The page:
Interestingly, the box artwork comes from the DC Comics cover art to the first and last issues of the MASK miniseries (by Mike Chen and Joe DelBeato)… except, since the Gator jeep was partly hidden by a corner box on the comic cover, the Karl-Lorimar art department apparently had to redraw that area, and subsequently the rear of Gator is out of perspective with the rest of itself. To be fair, I suppose, the background area extensions they added to better fit the art into the video cover margins are a bit more seamless. (I would gripe about Hondo MacLean being pink instead of African-American on the rear, but considering Alex Sector’s bare arms are purple-grey, I think we can set that one aside…)
I have no recollection of ever encountering either A Star for Jeremy or the Vincent Price version of The Sorcerer’s Apprentice advertised on the interior cover flap.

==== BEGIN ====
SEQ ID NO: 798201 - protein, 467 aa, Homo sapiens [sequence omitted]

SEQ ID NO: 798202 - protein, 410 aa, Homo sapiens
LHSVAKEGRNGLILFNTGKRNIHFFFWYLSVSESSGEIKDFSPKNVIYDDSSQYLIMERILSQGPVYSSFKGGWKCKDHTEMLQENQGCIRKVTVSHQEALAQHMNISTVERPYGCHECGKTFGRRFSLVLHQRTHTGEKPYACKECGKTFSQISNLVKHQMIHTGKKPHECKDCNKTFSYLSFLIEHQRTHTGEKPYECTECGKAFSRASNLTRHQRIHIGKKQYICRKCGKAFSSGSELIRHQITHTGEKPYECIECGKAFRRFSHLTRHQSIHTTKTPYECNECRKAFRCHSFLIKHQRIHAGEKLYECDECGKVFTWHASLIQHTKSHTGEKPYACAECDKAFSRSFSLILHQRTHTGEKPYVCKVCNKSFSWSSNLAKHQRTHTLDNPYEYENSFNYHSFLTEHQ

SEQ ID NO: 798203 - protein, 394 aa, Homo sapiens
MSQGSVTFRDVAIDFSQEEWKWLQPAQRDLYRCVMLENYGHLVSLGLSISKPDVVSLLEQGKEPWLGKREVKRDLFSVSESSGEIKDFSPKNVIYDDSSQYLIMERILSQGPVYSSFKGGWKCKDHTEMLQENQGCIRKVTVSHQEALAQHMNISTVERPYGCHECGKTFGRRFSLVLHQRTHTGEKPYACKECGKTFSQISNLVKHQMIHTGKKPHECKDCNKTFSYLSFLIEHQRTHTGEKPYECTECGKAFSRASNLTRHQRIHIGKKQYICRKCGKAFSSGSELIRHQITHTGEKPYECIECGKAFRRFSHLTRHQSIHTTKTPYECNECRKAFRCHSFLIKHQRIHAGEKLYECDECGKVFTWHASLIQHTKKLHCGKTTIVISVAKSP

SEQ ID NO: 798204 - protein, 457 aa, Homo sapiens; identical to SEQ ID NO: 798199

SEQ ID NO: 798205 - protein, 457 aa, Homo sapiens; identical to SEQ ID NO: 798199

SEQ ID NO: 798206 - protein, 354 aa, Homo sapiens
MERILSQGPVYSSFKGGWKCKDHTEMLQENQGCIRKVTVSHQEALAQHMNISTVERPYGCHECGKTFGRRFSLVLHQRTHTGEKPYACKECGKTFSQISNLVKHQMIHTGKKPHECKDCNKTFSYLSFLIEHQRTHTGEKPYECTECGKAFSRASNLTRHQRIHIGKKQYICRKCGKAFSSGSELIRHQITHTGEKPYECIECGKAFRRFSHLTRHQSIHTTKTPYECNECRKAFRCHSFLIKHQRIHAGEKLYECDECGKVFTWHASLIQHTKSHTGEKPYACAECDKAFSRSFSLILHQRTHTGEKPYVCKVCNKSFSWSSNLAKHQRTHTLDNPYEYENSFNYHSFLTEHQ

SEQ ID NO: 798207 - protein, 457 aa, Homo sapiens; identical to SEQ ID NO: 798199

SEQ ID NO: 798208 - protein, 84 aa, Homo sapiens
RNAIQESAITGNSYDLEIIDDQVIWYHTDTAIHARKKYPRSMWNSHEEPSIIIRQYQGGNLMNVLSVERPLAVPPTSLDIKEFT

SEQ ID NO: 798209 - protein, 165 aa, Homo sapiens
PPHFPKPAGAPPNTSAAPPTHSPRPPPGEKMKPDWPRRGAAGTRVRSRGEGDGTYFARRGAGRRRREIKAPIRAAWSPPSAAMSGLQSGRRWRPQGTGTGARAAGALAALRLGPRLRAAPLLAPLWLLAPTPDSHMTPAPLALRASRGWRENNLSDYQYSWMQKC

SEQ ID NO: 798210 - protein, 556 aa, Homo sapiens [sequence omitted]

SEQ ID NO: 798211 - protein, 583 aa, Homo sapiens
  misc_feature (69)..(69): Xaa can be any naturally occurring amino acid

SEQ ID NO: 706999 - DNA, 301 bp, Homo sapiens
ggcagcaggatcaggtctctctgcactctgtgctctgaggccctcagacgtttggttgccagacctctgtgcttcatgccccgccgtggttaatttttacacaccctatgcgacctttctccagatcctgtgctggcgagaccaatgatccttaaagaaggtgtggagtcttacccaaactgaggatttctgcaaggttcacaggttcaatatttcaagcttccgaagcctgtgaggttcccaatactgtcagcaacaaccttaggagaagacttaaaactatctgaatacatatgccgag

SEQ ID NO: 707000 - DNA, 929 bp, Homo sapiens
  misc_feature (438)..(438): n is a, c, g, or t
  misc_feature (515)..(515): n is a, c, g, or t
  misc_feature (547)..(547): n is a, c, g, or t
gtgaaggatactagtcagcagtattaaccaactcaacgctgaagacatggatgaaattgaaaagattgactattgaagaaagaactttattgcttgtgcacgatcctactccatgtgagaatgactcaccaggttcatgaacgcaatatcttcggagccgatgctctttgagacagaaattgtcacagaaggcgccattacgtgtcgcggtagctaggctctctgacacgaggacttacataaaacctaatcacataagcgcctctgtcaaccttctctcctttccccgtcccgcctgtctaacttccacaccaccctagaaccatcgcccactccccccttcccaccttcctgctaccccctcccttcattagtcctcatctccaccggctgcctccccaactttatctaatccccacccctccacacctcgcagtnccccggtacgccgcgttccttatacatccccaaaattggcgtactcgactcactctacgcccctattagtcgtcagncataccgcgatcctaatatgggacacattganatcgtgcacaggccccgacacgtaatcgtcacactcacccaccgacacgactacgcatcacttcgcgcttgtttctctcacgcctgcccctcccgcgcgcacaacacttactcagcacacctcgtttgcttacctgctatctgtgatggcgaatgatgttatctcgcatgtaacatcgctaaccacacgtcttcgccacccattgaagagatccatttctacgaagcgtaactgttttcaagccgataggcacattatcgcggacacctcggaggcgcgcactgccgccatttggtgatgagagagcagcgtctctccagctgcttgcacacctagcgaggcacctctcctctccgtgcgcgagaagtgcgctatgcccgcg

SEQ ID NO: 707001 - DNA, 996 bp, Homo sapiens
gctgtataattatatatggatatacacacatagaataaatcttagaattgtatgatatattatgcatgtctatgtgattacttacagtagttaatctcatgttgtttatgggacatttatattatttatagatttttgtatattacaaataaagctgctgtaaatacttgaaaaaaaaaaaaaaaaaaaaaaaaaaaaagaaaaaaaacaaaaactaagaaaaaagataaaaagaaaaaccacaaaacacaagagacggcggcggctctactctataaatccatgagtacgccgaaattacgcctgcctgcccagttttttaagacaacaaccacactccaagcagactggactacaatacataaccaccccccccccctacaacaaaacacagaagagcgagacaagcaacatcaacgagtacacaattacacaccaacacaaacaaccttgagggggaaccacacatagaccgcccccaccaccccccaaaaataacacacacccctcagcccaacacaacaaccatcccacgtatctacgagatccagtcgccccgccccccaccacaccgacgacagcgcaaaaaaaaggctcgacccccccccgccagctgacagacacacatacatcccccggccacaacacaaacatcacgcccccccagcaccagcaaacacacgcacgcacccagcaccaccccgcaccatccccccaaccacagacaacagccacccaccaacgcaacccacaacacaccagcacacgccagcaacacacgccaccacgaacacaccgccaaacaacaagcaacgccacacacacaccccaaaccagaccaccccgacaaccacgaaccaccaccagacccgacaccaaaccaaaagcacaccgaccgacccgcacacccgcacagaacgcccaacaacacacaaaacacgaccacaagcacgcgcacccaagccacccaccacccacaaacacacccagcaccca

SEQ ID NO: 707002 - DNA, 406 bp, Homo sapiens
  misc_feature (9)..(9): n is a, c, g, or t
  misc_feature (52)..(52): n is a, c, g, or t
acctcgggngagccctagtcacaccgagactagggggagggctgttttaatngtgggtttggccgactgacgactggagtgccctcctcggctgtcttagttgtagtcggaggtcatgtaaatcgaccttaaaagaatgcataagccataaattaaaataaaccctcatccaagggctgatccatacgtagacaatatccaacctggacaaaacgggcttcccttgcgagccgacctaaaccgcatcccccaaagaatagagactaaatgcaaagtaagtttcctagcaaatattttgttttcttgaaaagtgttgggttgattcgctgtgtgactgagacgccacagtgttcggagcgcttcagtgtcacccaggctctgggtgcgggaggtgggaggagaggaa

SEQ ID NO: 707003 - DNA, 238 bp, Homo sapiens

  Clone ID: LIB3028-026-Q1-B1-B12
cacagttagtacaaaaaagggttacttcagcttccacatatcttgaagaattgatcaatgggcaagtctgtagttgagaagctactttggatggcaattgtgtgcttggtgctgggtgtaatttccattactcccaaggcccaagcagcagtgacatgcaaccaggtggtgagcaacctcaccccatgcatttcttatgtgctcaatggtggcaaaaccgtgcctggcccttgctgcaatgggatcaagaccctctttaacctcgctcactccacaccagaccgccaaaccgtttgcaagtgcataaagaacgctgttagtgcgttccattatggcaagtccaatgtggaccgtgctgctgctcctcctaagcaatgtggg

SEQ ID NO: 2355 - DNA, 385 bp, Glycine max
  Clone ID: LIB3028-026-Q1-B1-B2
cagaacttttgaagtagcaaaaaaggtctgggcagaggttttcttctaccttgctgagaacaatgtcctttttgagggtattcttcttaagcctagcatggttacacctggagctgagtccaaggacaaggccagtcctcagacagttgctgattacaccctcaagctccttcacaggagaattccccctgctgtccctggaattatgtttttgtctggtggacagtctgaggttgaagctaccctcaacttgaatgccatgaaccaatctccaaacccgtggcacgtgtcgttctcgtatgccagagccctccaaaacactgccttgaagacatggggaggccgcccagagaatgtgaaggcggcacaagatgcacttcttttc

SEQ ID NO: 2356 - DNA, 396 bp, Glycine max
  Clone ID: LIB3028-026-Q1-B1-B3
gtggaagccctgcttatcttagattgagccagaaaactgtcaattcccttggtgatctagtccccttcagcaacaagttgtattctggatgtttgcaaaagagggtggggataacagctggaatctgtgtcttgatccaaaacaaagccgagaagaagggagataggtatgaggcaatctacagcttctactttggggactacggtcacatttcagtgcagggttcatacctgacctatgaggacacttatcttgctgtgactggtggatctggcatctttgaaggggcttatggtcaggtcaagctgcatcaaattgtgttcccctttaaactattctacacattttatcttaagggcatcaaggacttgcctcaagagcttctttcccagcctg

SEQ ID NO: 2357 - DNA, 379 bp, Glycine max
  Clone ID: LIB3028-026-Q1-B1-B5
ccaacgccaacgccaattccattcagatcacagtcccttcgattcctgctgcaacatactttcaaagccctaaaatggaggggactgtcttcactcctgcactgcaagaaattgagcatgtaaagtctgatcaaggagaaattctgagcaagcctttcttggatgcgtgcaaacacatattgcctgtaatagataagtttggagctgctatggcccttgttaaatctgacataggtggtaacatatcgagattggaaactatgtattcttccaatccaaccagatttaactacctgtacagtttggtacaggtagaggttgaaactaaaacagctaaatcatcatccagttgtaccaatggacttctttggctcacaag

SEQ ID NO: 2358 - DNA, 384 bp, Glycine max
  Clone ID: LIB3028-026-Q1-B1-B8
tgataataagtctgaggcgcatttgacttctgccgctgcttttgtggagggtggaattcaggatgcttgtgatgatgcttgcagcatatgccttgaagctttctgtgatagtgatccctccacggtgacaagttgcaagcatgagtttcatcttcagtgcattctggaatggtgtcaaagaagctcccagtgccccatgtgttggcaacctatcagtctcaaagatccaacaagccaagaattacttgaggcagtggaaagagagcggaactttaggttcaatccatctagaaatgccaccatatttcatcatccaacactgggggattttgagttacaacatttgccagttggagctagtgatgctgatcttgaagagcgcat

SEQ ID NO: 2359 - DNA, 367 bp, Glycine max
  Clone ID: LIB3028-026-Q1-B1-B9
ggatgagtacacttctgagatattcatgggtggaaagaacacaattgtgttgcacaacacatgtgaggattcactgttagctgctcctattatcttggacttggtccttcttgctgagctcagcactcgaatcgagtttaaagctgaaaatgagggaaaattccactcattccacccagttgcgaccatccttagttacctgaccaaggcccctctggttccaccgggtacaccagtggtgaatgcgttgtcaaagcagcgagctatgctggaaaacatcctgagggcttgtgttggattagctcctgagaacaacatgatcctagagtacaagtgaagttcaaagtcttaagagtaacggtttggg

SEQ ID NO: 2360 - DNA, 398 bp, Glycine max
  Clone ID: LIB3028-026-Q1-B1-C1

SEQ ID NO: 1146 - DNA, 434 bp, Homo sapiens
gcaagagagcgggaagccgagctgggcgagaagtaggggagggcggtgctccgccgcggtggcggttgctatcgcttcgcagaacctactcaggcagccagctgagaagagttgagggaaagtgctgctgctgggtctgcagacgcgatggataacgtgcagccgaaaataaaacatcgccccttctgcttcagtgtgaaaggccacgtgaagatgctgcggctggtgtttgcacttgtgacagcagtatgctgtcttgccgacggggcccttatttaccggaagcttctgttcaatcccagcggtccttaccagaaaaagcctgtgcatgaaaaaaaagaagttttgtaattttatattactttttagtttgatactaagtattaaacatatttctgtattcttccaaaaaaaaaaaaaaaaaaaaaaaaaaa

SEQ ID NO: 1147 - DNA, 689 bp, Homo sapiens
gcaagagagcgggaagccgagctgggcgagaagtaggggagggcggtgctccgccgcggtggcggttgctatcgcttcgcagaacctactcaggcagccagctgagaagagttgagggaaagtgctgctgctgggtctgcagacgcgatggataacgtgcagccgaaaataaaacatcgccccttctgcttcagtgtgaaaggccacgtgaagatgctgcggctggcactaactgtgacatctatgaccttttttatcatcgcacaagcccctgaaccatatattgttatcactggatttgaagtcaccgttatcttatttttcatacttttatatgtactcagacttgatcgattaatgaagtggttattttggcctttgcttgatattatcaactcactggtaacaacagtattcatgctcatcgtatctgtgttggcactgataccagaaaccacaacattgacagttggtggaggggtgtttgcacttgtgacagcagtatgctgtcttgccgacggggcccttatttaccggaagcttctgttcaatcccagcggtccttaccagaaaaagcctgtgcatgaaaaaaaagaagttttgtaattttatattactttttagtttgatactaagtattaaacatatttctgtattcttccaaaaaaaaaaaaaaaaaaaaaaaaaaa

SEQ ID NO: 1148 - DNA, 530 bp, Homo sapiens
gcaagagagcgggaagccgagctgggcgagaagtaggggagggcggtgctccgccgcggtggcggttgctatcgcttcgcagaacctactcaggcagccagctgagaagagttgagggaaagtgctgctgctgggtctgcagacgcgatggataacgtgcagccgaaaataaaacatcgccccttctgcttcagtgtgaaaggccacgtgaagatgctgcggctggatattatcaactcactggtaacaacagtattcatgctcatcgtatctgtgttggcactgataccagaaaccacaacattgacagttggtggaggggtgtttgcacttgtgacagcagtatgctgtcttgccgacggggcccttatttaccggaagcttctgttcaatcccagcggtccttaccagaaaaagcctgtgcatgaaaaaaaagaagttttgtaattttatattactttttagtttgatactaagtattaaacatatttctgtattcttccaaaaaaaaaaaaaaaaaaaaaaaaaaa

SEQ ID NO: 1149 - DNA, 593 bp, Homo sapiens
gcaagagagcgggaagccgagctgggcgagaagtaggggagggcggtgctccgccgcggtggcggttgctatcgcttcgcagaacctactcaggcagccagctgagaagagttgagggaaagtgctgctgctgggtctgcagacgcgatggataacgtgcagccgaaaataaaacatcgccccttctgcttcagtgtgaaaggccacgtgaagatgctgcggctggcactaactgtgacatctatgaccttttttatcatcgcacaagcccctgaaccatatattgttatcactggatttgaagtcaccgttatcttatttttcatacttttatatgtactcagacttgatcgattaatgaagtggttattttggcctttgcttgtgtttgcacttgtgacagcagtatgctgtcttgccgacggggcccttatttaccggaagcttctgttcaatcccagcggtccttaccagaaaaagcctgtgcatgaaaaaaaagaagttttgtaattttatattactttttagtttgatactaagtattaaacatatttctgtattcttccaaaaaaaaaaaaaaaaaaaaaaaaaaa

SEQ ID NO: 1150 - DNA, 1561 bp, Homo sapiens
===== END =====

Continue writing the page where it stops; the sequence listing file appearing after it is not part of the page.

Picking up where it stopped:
The BMOG Kickstarter is LIVE!
Remember the robot toys of the 80s? World-spanning battles of good and evil across the living room floor? Shape-changing and modular warriors of all shapes and sizes? So do we, and those memories inspired BMOG, a building toy system that lets you make wild, robotic animal characters where each component is an action figure accessory.
BMOG characters separate into numerous weapons and devices, each with additional 5-millimeter ports and pegs. Among the dozens of 5mm compatible lines are famous franchises like Transformers and Teenage Mutant Ninja Turtles, other building systems like LEGO and K’nex, and even obscure favorites like Starriors and the Yuusha/Brave series – plus many, many more!
We are using our Kickstarter to fund the creation of Ursenal (a robotic bear) and Mantax (a robotic Manta Ray)
Robot bears for all!